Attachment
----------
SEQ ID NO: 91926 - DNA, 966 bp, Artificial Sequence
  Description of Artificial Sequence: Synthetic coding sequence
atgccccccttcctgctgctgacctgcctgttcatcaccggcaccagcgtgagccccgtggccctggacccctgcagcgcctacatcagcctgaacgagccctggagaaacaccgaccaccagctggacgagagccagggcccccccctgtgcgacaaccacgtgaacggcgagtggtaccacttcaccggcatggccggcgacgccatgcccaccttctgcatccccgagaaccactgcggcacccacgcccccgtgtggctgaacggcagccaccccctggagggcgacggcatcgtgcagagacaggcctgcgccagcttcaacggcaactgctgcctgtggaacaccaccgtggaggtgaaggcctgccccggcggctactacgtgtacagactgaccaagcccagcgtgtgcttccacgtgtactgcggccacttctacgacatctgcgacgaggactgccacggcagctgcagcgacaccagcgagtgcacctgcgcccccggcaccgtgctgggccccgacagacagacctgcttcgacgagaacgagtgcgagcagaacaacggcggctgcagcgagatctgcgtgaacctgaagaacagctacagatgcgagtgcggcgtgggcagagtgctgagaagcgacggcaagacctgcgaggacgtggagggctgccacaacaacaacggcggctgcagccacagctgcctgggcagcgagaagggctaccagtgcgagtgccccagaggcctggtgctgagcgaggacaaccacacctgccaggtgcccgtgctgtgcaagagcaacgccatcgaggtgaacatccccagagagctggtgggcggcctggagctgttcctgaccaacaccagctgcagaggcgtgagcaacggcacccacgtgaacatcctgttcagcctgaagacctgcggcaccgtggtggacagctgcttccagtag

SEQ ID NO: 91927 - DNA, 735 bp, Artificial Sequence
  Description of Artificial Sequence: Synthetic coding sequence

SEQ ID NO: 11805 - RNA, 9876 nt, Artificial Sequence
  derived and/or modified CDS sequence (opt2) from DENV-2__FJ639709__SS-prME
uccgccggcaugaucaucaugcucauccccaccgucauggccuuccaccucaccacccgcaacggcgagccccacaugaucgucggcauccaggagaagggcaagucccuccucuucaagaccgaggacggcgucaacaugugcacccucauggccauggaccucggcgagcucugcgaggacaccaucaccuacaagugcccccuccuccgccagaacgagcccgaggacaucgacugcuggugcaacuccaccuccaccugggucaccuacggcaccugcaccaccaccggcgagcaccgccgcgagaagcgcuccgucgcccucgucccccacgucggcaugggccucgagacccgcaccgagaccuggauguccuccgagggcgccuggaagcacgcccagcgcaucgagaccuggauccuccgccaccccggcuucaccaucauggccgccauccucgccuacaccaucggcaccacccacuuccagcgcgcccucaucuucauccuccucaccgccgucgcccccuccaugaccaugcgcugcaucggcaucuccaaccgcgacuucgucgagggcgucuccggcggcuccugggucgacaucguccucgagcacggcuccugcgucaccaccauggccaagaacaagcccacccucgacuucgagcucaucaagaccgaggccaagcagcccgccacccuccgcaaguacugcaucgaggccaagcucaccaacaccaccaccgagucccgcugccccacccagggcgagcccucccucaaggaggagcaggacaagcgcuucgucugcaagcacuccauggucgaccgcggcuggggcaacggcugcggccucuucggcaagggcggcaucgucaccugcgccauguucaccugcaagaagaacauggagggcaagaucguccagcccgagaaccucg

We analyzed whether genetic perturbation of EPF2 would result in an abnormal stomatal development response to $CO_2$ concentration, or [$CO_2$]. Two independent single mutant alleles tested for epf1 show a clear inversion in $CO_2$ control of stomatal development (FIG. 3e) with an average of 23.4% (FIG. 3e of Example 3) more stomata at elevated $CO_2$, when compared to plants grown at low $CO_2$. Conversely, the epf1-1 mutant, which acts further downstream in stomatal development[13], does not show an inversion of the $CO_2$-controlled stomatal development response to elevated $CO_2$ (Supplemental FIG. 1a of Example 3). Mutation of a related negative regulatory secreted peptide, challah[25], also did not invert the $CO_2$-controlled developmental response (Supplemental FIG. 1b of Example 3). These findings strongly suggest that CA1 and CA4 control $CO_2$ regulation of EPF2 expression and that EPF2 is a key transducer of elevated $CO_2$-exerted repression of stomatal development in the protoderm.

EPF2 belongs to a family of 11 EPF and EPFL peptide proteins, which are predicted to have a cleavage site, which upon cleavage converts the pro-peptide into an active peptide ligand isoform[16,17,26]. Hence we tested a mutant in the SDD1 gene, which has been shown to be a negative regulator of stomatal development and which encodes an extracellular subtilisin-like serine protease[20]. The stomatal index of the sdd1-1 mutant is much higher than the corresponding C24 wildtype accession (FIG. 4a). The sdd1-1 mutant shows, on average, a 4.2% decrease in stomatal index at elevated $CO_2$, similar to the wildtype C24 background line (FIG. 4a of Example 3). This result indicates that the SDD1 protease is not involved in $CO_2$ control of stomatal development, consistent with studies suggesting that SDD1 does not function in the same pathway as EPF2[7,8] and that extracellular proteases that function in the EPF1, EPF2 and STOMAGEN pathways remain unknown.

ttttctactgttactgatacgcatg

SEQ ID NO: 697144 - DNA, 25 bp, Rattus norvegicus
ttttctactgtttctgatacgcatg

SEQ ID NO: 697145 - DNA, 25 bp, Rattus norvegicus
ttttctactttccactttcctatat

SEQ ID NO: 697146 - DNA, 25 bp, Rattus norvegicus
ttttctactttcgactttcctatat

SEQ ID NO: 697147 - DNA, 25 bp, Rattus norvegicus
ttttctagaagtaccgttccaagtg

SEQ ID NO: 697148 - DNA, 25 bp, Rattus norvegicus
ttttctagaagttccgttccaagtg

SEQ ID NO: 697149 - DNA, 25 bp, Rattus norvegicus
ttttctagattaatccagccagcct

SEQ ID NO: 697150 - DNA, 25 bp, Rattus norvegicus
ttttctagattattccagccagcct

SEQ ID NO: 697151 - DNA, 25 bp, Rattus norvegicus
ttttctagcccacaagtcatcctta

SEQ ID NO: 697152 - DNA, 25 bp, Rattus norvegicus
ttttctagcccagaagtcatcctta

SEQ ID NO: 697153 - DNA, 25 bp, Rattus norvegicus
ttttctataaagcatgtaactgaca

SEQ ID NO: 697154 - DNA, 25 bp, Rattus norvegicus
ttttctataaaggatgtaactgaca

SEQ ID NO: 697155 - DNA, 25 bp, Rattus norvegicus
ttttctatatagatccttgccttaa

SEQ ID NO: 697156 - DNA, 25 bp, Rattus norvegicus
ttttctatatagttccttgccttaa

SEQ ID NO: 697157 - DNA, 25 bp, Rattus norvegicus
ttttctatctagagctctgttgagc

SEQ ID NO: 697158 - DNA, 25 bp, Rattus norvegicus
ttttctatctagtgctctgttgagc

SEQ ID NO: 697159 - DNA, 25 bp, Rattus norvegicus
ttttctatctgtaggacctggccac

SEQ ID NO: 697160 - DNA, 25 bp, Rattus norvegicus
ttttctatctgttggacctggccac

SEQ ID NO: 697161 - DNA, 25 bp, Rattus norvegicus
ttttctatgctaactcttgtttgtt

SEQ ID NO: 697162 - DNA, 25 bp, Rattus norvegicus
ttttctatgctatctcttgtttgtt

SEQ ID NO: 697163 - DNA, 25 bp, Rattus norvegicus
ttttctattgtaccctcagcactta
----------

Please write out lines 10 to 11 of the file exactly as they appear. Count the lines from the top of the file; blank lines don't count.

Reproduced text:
EPF2 belongs to a family of 11 EPF and EPFL peptide proteins, which are predicted to have a cleavage site, which upon cleavage converts the pro-peptide into an active peptide ligand isoform[16,17,26]. Hence we tested a mutant in the SDD1 gene, which has been shown to be a negative regulator of stomatal development and which encodes an extracellular subtilisin-like serine protease[20]. The stomatal index of the sdd1-1 mutant is much higher than the corresponding C24 wildtype accession (FIG. 4a). The sdd1-1 mutant shows, on average, a 4.2% decrease in stomatal index at elevated $CO_2$, similar to the wildtype C24 background line (FIG. 4a of Example 3). This result indicates that the SDD1 protease is not involved in $CO_2$ control of stomatal development, consistent with studies suggesting that SDD1 does not function in the same pathway as EPF2[7,8] and that extracellular proteases that function in the EPF1, EPF2 and STOMAGEN pathways remain unknown.

ttttctactgttactgatacgcatg